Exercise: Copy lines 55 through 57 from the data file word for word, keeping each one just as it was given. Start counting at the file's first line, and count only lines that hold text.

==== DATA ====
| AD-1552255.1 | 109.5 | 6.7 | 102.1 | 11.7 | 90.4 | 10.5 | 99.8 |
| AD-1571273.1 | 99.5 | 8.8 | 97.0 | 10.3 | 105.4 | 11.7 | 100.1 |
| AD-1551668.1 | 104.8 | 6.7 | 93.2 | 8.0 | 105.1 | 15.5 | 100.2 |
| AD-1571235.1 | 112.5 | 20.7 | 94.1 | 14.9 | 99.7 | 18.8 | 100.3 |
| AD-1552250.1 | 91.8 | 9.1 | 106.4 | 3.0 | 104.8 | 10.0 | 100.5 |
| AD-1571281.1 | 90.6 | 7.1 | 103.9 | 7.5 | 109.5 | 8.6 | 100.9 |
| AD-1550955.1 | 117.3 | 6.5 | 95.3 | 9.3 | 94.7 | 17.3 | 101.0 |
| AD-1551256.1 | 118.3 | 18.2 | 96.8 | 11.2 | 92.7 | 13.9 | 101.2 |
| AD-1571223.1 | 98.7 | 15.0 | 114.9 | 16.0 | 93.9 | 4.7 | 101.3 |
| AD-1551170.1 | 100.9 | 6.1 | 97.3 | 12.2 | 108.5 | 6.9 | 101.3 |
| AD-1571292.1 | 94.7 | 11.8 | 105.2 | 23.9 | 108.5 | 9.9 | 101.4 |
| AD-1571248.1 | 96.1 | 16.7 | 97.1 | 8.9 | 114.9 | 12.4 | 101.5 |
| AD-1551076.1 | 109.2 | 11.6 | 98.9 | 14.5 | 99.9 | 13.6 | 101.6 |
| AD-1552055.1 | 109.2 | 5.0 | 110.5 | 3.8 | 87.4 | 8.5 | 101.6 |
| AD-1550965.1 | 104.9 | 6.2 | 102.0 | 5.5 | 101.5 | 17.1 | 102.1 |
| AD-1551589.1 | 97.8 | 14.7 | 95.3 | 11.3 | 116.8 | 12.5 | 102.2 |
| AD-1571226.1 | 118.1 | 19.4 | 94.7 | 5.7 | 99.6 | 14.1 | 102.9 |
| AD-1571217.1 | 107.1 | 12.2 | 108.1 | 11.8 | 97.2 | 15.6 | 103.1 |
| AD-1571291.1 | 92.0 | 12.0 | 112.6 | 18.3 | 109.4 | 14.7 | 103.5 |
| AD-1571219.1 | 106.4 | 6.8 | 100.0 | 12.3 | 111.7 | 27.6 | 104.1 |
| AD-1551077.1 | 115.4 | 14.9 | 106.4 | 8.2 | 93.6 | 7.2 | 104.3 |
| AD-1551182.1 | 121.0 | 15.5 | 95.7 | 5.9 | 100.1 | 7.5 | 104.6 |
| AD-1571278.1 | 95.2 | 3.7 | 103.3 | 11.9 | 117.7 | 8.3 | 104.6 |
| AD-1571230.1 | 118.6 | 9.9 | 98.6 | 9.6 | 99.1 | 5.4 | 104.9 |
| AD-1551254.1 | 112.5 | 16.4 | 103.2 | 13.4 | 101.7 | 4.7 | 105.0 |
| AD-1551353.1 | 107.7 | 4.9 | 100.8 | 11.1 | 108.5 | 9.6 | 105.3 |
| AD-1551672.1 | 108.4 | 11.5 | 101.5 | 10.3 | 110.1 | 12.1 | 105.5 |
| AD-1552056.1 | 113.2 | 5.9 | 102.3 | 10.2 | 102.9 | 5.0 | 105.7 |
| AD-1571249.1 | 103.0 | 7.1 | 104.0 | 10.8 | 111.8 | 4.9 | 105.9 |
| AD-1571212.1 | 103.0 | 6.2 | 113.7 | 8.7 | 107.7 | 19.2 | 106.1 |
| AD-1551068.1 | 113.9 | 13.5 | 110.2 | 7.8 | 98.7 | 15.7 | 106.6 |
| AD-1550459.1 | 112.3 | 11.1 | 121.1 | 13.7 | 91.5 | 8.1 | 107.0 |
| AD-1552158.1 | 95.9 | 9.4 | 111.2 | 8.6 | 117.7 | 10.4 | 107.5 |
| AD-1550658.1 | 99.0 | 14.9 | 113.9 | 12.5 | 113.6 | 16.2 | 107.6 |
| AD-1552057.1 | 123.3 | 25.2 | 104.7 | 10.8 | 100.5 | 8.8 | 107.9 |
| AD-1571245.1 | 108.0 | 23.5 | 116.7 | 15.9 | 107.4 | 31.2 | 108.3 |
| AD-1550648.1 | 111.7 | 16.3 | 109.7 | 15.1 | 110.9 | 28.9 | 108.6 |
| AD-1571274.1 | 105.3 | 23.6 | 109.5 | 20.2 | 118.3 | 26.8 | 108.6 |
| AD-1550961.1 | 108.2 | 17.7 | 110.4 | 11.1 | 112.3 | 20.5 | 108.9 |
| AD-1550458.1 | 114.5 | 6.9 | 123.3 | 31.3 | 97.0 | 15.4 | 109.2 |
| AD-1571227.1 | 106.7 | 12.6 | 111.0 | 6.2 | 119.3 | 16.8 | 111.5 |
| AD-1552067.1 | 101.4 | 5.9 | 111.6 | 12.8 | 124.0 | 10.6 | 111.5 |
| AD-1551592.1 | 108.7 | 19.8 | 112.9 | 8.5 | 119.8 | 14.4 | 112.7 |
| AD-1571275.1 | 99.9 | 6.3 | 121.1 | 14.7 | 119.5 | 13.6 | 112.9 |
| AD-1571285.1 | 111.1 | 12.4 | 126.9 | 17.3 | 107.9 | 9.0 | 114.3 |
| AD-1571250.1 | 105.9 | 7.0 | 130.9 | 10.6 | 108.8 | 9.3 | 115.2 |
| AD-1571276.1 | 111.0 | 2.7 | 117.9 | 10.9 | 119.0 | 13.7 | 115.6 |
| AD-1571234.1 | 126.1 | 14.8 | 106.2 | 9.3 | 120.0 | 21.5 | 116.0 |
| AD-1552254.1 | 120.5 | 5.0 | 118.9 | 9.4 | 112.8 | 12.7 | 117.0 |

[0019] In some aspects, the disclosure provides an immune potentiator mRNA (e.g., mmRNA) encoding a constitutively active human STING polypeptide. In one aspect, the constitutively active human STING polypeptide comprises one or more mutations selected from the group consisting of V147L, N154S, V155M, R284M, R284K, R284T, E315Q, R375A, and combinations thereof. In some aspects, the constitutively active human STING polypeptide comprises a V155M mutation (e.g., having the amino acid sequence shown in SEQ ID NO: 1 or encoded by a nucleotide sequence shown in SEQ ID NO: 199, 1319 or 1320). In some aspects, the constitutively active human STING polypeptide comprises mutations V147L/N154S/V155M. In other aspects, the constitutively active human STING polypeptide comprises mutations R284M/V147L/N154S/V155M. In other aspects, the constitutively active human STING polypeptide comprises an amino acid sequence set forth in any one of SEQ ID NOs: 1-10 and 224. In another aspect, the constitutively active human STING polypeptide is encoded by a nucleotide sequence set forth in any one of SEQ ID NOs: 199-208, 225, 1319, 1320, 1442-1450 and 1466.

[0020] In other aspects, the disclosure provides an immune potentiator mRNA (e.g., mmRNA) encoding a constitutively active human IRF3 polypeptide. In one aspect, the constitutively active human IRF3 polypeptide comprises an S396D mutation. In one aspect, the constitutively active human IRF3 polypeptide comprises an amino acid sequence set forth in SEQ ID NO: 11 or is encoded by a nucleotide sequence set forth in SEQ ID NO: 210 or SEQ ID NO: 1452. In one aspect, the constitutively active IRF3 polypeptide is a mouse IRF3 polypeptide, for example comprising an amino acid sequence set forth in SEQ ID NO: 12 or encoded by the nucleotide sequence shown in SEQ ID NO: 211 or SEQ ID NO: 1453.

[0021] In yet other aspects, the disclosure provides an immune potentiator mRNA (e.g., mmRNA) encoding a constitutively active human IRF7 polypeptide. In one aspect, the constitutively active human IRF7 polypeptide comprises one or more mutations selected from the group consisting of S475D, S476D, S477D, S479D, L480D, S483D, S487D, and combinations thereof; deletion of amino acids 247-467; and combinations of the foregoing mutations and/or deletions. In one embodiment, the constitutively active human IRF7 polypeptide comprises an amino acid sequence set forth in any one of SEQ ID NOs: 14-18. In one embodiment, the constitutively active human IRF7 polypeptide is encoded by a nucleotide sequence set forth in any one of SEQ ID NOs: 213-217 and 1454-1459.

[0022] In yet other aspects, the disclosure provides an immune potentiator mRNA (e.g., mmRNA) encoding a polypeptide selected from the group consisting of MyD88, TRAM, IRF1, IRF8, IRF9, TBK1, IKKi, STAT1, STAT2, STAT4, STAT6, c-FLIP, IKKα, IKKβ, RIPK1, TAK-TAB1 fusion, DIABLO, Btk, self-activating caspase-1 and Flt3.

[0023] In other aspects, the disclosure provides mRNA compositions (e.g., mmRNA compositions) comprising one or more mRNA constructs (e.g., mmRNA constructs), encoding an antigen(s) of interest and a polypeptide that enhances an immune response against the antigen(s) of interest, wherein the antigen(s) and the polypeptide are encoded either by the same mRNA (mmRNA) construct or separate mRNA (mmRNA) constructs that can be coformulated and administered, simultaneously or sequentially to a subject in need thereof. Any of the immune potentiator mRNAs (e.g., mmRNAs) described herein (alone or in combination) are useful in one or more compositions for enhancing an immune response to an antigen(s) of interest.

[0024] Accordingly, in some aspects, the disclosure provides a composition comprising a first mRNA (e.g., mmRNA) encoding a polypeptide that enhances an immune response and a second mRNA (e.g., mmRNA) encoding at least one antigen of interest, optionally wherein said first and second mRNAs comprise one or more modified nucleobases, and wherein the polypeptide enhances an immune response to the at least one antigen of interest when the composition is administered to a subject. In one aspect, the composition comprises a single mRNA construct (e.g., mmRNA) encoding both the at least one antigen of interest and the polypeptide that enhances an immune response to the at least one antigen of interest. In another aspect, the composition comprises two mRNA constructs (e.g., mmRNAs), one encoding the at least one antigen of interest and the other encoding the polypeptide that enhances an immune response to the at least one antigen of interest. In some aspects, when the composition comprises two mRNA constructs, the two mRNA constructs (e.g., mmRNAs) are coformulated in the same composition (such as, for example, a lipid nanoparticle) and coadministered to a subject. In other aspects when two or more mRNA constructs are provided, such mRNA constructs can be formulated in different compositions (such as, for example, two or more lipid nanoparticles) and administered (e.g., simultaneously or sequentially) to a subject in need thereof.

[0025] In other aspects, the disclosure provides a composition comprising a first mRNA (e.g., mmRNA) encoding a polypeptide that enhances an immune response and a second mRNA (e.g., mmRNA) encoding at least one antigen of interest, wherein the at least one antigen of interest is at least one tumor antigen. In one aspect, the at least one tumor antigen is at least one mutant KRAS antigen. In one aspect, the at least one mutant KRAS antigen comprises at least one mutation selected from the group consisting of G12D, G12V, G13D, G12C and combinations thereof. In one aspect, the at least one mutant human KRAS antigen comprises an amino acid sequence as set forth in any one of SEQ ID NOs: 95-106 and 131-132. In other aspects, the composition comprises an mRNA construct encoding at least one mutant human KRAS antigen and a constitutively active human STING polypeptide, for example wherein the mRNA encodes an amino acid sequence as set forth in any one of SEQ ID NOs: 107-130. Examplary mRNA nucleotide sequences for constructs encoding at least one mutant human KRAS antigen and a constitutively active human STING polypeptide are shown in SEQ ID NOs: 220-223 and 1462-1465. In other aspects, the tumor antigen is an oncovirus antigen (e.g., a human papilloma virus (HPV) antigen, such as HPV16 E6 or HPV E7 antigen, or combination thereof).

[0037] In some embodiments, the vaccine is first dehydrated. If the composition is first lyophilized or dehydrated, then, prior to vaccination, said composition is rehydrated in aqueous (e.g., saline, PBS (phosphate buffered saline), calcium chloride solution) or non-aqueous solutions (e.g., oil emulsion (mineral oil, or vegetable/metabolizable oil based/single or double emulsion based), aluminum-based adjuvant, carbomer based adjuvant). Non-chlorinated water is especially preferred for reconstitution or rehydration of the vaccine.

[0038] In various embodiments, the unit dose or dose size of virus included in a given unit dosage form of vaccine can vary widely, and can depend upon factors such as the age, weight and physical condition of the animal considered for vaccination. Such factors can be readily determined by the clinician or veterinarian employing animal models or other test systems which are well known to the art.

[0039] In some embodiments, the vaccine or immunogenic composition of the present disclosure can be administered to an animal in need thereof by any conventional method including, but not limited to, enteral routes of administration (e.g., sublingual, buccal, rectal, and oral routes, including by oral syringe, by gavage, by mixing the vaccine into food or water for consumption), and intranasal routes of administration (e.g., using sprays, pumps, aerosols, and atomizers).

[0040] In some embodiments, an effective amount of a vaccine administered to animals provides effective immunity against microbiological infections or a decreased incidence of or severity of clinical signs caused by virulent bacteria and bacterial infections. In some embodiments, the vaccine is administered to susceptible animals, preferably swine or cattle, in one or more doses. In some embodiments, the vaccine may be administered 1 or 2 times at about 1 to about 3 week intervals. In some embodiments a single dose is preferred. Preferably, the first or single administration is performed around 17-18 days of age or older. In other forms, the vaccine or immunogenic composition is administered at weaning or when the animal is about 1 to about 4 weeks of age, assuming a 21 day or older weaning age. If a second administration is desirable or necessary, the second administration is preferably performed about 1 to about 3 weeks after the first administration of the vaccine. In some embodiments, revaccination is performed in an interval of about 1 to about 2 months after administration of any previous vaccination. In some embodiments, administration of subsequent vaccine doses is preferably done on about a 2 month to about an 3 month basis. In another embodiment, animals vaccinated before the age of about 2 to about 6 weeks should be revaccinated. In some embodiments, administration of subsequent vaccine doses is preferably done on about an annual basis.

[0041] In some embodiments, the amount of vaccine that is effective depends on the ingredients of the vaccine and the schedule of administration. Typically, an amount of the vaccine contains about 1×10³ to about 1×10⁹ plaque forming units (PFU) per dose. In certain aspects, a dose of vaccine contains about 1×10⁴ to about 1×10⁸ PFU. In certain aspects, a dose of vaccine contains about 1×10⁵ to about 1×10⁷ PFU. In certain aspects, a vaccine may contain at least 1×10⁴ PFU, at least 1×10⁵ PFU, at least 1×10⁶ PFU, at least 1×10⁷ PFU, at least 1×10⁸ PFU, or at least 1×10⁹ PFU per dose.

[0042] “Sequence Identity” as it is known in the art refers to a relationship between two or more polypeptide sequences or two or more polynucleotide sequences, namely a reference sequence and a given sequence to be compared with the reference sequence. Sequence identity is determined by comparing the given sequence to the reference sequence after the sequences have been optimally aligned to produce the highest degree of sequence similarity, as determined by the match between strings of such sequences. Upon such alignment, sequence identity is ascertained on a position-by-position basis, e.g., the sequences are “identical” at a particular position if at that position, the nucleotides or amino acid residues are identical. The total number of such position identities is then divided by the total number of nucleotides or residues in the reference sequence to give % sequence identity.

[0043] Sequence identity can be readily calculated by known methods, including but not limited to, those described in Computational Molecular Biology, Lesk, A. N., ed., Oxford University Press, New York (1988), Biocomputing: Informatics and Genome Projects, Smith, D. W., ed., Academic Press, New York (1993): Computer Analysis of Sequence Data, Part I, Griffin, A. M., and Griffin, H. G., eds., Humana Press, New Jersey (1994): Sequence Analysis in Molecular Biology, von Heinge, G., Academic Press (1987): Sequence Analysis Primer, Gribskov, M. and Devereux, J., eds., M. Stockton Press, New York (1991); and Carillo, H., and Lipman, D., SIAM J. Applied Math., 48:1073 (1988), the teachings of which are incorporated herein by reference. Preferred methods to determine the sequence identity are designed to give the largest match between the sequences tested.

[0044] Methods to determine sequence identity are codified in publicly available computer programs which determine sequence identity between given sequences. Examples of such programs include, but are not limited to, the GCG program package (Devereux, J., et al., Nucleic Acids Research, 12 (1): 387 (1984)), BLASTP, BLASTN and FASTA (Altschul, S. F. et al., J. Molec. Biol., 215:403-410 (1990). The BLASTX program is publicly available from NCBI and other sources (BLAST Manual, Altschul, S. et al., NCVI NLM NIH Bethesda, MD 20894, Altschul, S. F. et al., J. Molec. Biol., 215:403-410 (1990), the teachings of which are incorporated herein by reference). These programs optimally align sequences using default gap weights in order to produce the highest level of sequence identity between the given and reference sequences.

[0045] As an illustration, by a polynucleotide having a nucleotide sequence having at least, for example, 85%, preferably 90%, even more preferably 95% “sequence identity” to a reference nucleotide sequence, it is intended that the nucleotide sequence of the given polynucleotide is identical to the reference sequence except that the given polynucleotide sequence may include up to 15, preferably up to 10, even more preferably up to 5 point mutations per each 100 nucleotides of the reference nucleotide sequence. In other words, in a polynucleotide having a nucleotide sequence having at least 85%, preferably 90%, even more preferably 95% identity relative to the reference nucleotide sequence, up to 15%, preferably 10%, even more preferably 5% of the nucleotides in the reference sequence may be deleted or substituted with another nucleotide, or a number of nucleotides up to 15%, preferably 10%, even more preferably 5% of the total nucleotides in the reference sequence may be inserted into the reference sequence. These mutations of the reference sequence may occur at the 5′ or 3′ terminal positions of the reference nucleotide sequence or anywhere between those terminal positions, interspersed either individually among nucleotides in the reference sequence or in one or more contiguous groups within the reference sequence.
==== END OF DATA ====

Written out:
[0024] Accordingly, in some aspects, the disclosure provides a composition comprising a first mRNA (e.g., mmRNA) encoding a polypeptide that enhances an immune response and a second mRNA (e.g., mmRNA) encoding at least one antigen of interest, optionally wherein said first and second mRNAs comprise one or more modified nucleobases, and wherein the polypeptide enhances an immune response to the at least one antigen of interest when the composition is administered to a subject. In one aspect, the composition comprises a single mRNA construct (e.g., mmRNA) encoding both the at least one antigen of interest and the polypeptide that enhances an immune response to the at least one antigen of interest. In another aspect, the composition comprises two mRNA constructs (e.g., mmRNAs), one encoding the at least one antigen of interest and the other encoding the polypeptide that enhances an immune response to the at least one antigen of interest. In some aspects, when the composition comprises two mRNA constructs, the two mRNA constructs (e.g., mmRNAs) are coformulated in the same composition (such as, for example, a lipid nanoparticle) and coadministered to a subject. In other aspects when two or more mRNA constructs are provided, such mRNA constructs can be formulated in different compositions (such as, for example, two or more lipid nanoparticles) and administered (e.g., simultaneously or sequentially) to a subject in need thereof.

[0025] In other aspects, the disclosure provides a composition comprising a first mRNA (e.g., mmRNA) encoding a polypeptide that enhances an immune response and a second mRNA (e.g., mmRNA) encoding at least one antigen of interest, wherein the at least one antigen of interest is at least one tumor antigen. In one aspect, the at least one tumor antigen is at least one mutant KRAS antigen. In one aspect, the at least one mutant KRAS antigen comprises at least one mutation selected from the group consisting of G12D, G12V, G13D, G12C and combinations thereof. In one aspect, the at least one mutant human KRAS antigen comprises an amino acid sequence as set forth in any one of SEQ ID NOs: 95-106 and 131-132. In other aspects, the composition comprises an mRNA construct encoding at least one mutant human KRAS antigen and a constitutively active human STING polypeptide, for example wherein the mRNA encodes an amino acid sequence as set forth in any one of SEQ ID NOs: 107-130. Examplary mRNA nucleotide sequences for constructs encoding at least one mutant human KRAS antigen and a constitutively active human STING polypeptide are shown in SEQ ID NOs: 220-223 and 1462-1465. In other aspects, the tumor antigen is an oncovirus antigen (e.g., a human papilloma virus (HPV) antigen, such as HPV16 E6 or HPV E7 antigen, or combination thereof).

[0037] In some embodiments, the vaccine is first dehydrated. If the composition is first lyophilized or dehydrated, then, prior to vaccination, said composition is rehydrated in aqueous (e.g., saline, PBS (phosphate buffered saline), calcium chloride solution) or non-aqueous solutions (e.g., oil emulsion (mineral oil, or vegetable/metabolizable oil based/single or double emulsion based), aluminum-based adjuvant, carbomer based adjuvant). Non-chlorinated water is especially preferred for reconstitution or rehydration of the vaccine.